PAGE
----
Light streamed into a palace solely constructed of translucent crystal. In theory it was a beautiful sight. In practice, few were able to see it and those who regularly basked in the light grew numb to it. It was a place of luxury, yet one where each luxury attained was deemed insufficient.
Inside such a place was a wrinkled old man, complete with a perpetual furrowed brow and the merest hint of a smile that never reached his eyes. He looked down upon a young woman kneeling at the foot of the dais. “You were told that such matters were to disturb me no longer. Yet you come here again.”
“Forgive me, Exalted One Zaur. But this is not merely about the matter related to… him. The Scarlet Midfields have a new Augmentation cultivator.”
“So? What does it matter? They are nothing.”
“Of course, Exalted One,” the woman kept her head down. “But there is a connection to another matter that concerns yourself and the other Exalted Ones. There is a connection between the revived planet of Xankeshan and a world in the lower realms. One that rejected the proper dominion of the Exalted Quadrant. A previously insignificant planet by the name of Ceretos.”
The man’s brow furrowed another layer more. “I forget nothing. I know of the place you speak. But it is a matter that will be dealt with in time. Don’t tell me you are unable to manage such a thing on your own?”
“There is one more connection. A long trail filled with uncertainty and darkness. I dare not even speak of it directly. It involves him. The pillager of the vaults of Erazun. The tormentor of the south. Grandmaster of formations. And until recently… entombed upon Xankeshan.”
“And what of him? You imply his origins are this nothing in the lower realms?”
“That is the conclusion I have arrived at. Yet that is perhaps not the entire truth.”
“His knowledge was too great for one of them,” the woman said. “It would take far more than a few miracles for him to achieve what he did from such a starting point. So perhaps there is some connection to those who had been dwelling there.”
“Dangerous words…” the old man called Zaur said. “Is there any proof?”
“Not that would be sufficient to guarantee a result. Not yet, at least.”
“Then perhaps we should make sure it stays that way.”
The light of the palace dispelled all shadows, except of course those that were most important. The shadows inside of the hearts of those who dwelled within the Citadel of Exalted Light.
The first thing blocking her way were overlapping layers of criss-crossing webs of energy. In short, simply stepping foot in the system took a lot more work than it had previously. Vari had to fight her way past that towards a planet, though of course actually finding a planet and not stumbling into an illusion took several tries. She was used to such difficulties, however, and eventually managed to find Everheart.
“Hey you big idiot! Why aren’t you responding to the communications device you specifically gave me?” Vari yelled at her sort-of-uncle, in the guise of a well-groomed young man sipping tea and drawing calligraphy in a pagoda in the middle of a lake. Probably surrounded by traps, if she knew anything.
The figure looked up at her. “My apologies. Your request for diplomacy and/or declaration of war cannot be responded to at this time. Please return later or go die.”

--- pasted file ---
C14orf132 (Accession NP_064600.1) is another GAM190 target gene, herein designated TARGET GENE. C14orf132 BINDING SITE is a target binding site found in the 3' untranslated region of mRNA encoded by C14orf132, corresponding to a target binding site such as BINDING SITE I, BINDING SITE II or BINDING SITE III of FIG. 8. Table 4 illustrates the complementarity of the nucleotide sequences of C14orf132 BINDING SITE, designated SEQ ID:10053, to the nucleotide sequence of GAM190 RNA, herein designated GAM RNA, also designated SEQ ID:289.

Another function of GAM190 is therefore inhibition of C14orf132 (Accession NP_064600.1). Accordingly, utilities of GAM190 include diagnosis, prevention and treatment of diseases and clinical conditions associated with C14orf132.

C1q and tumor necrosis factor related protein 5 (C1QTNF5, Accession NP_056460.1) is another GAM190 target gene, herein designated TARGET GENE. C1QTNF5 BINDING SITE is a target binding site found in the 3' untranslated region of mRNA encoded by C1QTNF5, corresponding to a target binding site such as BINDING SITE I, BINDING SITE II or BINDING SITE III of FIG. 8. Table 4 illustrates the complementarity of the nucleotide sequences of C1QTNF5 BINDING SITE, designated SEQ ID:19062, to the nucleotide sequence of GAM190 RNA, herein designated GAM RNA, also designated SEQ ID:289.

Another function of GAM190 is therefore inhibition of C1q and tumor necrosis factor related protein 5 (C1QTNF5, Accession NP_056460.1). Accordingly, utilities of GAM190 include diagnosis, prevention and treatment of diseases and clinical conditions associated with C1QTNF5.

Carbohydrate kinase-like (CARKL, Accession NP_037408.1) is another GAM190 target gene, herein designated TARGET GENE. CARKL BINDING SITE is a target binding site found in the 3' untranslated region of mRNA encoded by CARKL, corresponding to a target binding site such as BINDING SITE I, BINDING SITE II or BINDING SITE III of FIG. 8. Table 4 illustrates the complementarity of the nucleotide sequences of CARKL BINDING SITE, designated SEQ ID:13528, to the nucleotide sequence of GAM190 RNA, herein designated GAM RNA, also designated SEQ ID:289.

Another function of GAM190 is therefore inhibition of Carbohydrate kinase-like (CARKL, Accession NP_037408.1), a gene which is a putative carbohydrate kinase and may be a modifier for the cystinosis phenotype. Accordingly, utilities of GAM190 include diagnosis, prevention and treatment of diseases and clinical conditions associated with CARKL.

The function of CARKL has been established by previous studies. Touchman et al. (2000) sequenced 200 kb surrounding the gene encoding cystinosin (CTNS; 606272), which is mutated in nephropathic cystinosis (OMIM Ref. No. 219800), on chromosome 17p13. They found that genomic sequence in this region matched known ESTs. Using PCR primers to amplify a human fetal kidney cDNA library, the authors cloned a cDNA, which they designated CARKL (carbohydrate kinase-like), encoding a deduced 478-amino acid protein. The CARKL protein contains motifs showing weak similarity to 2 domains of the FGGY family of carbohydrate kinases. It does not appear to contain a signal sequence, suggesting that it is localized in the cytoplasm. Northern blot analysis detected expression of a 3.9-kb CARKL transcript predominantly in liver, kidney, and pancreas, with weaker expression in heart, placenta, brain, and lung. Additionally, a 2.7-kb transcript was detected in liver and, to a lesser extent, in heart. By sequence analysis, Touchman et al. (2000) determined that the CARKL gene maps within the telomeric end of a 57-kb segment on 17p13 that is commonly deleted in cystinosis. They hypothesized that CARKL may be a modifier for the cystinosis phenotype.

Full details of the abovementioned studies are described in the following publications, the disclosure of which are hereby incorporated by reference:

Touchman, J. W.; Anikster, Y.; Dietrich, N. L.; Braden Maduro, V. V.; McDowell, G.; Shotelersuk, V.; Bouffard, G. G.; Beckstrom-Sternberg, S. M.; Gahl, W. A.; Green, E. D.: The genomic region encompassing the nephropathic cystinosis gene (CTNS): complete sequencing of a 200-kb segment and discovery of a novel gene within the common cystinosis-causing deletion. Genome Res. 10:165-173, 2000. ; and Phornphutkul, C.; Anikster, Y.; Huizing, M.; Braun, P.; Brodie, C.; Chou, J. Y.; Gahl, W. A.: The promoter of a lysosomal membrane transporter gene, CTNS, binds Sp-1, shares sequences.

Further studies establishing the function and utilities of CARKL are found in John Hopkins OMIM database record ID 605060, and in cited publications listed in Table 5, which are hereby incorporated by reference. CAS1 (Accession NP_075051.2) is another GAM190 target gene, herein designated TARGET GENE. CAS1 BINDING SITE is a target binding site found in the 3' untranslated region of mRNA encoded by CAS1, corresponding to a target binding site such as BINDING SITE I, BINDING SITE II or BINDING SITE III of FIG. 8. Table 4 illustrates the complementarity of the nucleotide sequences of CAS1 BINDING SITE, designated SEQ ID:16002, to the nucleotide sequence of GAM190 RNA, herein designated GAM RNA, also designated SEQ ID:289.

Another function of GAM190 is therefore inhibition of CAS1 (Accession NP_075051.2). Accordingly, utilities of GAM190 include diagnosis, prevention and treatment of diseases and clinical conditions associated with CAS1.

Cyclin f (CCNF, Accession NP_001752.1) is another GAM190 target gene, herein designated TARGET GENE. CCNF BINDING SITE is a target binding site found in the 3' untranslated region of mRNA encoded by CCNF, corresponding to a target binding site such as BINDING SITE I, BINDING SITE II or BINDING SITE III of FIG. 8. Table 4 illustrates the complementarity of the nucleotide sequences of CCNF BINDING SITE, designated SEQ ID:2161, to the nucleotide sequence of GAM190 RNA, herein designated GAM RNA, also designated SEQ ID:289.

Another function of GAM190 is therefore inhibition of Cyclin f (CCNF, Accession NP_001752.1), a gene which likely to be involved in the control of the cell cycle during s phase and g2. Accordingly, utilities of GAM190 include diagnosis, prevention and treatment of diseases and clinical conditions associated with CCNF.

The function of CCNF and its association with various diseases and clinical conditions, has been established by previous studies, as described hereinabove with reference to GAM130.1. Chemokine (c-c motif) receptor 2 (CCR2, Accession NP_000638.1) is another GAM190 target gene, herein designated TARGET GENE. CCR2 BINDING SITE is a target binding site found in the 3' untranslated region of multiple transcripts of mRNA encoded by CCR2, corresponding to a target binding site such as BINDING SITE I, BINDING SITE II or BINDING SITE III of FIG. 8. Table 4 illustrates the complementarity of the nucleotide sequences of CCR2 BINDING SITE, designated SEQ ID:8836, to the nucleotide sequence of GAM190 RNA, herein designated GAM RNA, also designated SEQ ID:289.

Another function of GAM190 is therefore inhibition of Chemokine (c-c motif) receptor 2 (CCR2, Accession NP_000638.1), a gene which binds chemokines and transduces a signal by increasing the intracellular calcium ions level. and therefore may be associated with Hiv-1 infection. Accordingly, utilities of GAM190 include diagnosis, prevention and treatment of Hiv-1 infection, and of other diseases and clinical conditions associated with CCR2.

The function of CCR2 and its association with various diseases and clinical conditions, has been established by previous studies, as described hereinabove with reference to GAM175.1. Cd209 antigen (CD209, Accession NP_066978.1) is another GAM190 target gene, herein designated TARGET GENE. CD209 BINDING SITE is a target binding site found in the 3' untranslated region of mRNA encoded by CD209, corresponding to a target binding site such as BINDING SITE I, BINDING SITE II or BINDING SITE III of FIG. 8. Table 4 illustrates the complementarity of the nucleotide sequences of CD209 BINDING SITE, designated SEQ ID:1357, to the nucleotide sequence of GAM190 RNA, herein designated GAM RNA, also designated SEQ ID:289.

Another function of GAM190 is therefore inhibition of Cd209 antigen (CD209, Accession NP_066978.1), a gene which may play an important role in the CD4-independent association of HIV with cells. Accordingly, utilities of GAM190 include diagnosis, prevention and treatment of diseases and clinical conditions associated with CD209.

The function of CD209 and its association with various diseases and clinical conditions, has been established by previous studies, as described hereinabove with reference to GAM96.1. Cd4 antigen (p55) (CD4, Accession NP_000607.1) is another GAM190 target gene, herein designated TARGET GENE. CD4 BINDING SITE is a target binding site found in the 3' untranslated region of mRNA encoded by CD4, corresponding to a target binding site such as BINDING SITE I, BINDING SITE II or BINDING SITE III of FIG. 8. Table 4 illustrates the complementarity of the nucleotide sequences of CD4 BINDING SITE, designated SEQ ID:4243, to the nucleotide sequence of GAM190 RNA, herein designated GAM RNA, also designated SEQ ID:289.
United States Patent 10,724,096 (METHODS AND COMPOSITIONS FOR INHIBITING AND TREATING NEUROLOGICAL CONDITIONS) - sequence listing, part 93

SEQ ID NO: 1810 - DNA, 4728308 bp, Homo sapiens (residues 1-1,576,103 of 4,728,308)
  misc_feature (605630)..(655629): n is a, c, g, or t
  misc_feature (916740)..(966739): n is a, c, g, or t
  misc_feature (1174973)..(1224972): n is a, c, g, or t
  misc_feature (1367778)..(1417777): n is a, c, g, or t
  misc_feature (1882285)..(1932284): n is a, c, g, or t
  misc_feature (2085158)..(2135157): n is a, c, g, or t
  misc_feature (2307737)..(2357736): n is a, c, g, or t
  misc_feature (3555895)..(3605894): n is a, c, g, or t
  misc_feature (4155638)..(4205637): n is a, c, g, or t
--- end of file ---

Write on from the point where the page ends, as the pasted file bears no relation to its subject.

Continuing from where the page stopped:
“I know you’re able to respond in a normal way!” Vari said, dashing forward and kicking her way through one of the pillars supporting the pagoda- rather than concerning herself about what might happen if she passed in between them. She grabbed the projection by the hem of his robe, holding him up. “Now tell me where he is and how to contact him.”
The projection smiled nervously. “I’m afraid that’s impossible. You’ll just have to wait.”
“Why? Just tell him I’m here!”
“Because he’s gone?” Vari raised an eyebrow. “He’s supposed to return to check on you bungling clones every once in a while, isn’t he?”
The projection looked away. “He has done so frequently ever since the incidents. Then we are all reincorporated into him with little divergence from his original personality.”
“Then what’s wrong with you?” Vari asked. “That almost sounds like an actual answer.”
The projection just looked at her and shrugged. She punched it in the face, causing it to explode into a shower of energy that would no doubt be recaptured by the local formations.
Vari grumbled. “What is he up to? There’s no way he’s dead. And if he’s in trouble he’d better get himself out of it soon.” Vari shouted at the surrounding pagoda. “You hear me?! I have official business to talk about!”
Everheart was indeed not dead. In fact, he couldn’t remember ever being dead. There had been some close calls that might have counted as dying for a little bit along the way, but he certainly didn’t remember it. And then there were a lot of attempts.
It had been decades since anyone had given it a good go, though, and Everheart was running out of both resources and deathtraps to set up in his system. So he was off for a little excursion away from home. Without his communicators or anything that could potentially be used to track him, of course. He didn’t want to risk someone selling him out. Those goody-two-shoes from Ceretos might think they were incorruptible, but that was just because they hadn’t seen how high the bounties on him got outside of the Scarlet Midfields. Especially if one was able to collect the overlapping ones related to some temporary identities.
The Trigold Cluster had an interesting arrangement to keep secrecy in their golden empire, or whatever they called it. The outer handful of systems were tightly controlled and watched. But beyond that… well, it was still dominated by local authorities, but nobody was looking as hard. It was like they didn’t even expect anyone to just jump fifty or a hundred lightyears past their outer shell.